Conference Agenda

The conference agenda provides an overview and details of sessions. In order to view sessions on a specific day or for a certain room, please select an appropriate date or room link. You may also select a session to explore available abstracts and download papers and presentations.

Session Overview
02-06: How Does Land Governance Affect Investors Risk Perceptions?
Tuesday, 20/Mar/2018:
10:30am - 12:00pm

Session Chair: Chris Jochnick, Landesa, United States of America
Location: MC 6-100


Deforestation Risks: Financial Costs and Tropical Agriculture Supply Chains

Gabriel Thoumi. CFA. FRM

Climate Advisers, United States of America

25% of GHG emissions come from agriculture and land‐use. 70% of tropical deforestation is caused by agriculture. In 2016, BlackRock suggested deforestation is a material risk for investors. In 2017, UBS stated that the FSB’s Task Force on Climate-Related Financial Disclosures “enables (investors) to address material deforestation risks in agriculture supply chains and for downstream (corporate) buyers.” CDP reported that 200 corporations had $900 billion in revenue­at‐risk from deforestation commodities: soy, palm oil, cattle, timber. Corporate zero-deforestation commitments have increased 200% since 2015. Chain Reaction Research analysis has shown material financial risk to corporations.

This presentation will discuss how these material risks impact corporations with deforestation in their supply chains. Eight risk management tools will be presented. Eight real-world case studies will highlight equity valuation, debt ratings, cash flow, financial accounting, and divestment risks. Results will demonstrate how companies’ valuation decrease if they do not address deforestation-related supply chains.

02-06-Thoumi. CFA. FRM-120_ppt.pptx

Facing Criticism: Responsibility, Large-Scale Land Acquisition, and its Critics

Tijo Salverda

University of Cologne, Germany

This presentation discusses how corporations, investors and agribusinesses involved in large-scale land acquisition (LSLA) respond to actors concerned about LSLA, such as NGOs, local communities, peasant movements, scholars, and journalists. Over the last ten years, these critics have been very vocal in raising concerns about the responsibilities of investors involved in LSLA – and also of institutional actors and policy makers facilitating the investments. Largely absent in most debates, however, are explicit analyses about how corporations respond to the concerns raised by their critics.

The presentation demonstrates that the extent to which an investor responds to the criticism it (directly or indirectly) faces depends on the investor’s profile. Moreover, it argues that the most critical voices in the LSLA debates play a central role in shaping investors’ responses to the concerns raised.


Land and Poverty through the prism of the Norwegian Investment Fund for Developing Countries: Sustainable development, Large Scale Land Based investments and its impacts on land rights, poverty alleviation and food security in Tanzania.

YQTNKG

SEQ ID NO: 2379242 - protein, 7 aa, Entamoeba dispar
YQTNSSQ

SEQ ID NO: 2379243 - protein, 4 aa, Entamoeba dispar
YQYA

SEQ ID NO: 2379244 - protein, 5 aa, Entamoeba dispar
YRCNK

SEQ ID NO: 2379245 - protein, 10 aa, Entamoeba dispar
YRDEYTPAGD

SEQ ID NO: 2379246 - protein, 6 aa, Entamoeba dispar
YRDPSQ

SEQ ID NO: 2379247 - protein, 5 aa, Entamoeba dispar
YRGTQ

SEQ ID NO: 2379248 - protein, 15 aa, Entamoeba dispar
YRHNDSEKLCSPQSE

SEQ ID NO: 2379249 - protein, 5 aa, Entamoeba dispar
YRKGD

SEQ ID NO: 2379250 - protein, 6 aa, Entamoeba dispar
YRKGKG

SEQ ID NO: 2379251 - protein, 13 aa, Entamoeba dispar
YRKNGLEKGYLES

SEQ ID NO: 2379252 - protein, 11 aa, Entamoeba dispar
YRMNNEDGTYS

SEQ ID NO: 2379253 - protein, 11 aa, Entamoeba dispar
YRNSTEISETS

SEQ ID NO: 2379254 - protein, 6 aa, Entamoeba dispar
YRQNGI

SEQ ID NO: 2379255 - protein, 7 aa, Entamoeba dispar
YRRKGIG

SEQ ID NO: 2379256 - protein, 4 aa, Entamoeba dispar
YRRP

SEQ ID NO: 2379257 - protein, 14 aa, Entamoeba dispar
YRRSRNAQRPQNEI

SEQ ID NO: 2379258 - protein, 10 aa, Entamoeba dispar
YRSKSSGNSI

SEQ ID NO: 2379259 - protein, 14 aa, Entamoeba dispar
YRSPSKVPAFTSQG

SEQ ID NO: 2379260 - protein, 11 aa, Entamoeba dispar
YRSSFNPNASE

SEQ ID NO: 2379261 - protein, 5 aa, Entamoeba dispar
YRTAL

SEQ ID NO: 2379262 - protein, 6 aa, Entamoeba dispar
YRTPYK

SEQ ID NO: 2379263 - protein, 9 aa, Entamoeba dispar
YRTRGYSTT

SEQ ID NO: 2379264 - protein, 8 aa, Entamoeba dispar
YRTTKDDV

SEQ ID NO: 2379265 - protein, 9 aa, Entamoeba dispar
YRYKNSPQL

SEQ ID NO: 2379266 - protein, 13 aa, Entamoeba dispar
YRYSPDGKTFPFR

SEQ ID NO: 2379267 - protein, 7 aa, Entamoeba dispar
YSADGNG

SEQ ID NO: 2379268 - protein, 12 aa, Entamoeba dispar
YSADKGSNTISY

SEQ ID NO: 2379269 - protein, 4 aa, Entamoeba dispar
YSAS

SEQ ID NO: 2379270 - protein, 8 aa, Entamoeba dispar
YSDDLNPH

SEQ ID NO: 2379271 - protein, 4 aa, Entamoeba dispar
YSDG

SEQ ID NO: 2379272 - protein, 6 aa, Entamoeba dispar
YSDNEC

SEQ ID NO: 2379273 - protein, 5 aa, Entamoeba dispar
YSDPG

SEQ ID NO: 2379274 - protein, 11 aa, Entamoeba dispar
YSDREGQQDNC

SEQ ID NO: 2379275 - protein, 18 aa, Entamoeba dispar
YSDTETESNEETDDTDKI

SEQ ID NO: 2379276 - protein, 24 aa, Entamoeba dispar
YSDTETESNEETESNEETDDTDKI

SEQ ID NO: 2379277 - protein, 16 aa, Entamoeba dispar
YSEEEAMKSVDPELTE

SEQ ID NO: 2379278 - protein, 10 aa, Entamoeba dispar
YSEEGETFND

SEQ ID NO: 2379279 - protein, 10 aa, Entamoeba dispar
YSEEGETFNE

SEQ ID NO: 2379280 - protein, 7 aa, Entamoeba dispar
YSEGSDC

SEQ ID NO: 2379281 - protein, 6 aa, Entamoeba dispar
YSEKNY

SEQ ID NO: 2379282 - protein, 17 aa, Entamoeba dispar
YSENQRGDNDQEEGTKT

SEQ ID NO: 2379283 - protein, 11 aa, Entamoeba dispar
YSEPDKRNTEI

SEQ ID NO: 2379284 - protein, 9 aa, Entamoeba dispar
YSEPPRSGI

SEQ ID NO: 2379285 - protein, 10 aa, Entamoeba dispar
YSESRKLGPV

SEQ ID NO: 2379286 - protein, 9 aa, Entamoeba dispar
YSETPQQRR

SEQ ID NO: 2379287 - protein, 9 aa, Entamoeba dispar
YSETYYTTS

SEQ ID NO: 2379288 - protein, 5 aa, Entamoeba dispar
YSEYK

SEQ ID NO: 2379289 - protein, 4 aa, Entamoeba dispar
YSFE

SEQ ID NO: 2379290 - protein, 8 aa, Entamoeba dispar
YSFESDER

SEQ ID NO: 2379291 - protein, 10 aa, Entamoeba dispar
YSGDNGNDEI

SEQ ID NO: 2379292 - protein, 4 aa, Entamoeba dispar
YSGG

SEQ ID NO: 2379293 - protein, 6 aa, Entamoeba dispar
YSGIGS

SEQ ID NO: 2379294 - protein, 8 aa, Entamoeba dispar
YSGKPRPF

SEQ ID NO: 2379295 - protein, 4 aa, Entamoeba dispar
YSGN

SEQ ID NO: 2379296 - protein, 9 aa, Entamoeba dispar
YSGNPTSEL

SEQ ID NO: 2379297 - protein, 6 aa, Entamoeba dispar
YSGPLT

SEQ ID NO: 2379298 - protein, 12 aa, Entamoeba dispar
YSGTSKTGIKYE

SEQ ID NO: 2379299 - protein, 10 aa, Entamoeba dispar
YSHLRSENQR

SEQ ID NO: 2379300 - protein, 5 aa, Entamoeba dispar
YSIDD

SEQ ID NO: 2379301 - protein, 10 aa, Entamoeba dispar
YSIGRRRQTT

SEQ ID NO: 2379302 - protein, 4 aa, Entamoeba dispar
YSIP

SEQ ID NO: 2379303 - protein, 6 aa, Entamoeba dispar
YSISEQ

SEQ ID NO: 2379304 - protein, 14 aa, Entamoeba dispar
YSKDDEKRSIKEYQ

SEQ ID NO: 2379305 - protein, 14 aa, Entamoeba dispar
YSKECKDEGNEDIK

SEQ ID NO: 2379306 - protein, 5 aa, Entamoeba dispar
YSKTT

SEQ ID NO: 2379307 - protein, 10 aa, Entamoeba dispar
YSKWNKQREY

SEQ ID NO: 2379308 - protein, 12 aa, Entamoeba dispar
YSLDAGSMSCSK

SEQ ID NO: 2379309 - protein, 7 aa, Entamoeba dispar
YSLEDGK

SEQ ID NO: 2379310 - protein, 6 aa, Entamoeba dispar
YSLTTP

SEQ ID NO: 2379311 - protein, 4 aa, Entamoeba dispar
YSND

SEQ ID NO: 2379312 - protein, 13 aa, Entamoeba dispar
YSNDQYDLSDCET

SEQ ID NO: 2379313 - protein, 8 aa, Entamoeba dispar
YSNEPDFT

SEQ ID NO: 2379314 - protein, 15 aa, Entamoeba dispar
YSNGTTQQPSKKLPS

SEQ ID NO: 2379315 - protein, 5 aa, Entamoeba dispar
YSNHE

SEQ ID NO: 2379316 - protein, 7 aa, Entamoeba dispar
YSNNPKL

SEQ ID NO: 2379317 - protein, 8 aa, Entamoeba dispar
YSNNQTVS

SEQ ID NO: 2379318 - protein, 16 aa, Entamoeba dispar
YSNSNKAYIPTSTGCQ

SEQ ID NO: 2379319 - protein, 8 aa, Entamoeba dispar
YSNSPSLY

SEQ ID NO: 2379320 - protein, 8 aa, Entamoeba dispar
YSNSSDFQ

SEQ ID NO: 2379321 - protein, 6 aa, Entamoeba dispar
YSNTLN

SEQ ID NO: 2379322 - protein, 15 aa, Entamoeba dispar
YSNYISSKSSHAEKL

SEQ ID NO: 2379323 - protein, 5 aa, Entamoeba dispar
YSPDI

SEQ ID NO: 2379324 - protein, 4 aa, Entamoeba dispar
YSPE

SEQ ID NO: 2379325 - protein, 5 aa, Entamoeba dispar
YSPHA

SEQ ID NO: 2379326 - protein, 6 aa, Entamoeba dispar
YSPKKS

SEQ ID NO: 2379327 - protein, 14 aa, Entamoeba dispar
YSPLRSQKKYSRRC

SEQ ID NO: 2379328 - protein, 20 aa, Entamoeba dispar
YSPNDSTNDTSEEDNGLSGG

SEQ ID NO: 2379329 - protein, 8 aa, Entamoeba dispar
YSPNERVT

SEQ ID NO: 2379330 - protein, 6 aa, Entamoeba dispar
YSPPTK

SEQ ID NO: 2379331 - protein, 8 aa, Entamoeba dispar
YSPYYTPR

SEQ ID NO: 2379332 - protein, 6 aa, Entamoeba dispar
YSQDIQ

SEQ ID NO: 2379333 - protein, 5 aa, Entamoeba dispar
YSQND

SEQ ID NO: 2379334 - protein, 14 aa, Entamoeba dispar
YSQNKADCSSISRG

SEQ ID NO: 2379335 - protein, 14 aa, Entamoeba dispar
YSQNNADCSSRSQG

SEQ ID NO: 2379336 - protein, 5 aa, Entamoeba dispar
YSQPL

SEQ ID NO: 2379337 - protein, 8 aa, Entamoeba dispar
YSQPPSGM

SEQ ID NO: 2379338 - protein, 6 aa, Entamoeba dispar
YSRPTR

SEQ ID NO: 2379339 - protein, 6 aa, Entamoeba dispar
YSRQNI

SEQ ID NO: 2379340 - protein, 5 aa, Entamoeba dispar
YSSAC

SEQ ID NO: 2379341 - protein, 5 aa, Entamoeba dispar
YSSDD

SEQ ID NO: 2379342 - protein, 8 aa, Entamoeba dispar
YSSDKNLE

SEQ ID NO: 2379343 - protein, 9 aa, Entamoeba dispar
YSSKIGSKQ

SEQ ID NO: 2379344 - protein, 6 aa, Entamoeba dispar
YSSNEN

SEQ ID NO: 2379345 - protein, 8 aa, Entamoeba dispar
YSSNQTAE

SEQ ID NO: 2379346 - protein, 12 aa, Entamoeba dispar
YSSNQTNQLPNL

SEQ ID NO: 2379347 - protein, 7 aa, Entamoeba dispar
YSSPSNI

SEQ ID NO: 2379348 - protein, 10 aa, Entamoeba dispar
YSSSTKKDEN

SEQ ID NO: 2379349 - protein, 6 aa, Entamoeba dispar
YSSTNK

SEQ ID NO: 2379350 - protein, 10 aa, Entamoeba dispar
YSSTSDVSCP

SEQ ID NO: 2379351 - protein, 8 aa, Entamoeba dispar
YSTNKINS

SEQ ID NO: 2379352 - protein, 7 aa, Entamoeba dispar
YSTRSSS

Maïmouna-Lise Pouye

University of Oslo, Norway

This paper focuses on the Norwegian Investment Fund for Developing Countries and its investments in the agribusiness sector in the United Republic of Tanzania. The paper is based on the preliminary findings of my fieldwork research in Norway. Thus, it briefly presents the Fund, the investment and the concerns raised in relation to it (in terms of land governance, development outcomes, poverty alleviation and food security). This paper seeks to contribute to a better understanding and open a space for dialogue on the role played by Development Finance Institutions in land governance and poverty alleviation.

The paper is particularly relevant to two of the ten themes of the conference (1 and 10):

 New academic research on the impact of land tenure security for sustainable development, equity and prosperity, (results and their policy relevance; new research methodologies);

 Achieving responsible large-scale land based investments: lessons learned 10 years on.


The First Biennial Investor Survey on Land Rights: Revealing the perceptions and practices of the private sector on land and resource issues and risks

Jeffrey Hatcher1, Sarah Lowery2, Daphne Yin1, Iris Dicke1, Michael Owen1, Yijia Chen3

1Indufor North America, United States of America; 2USAID; 3Individual

USAID has initiated a voluntary Investor Survey on Land Rights, conducted by Indufor, with a primary objective of establishing and analyzing a database on private sector perceptions of land tenure risks with quantified direct and indirect costs. The paper will highlight findings from the first biennial survey, including land-based investments and risks, investments rejected due to land tenure uncertainties or risks, challenges faced among private sector actors regarding land disputes, and strategies to resolve land tenure disputes or promote better land governance. The research will serve as a valuable resource on responsible investing.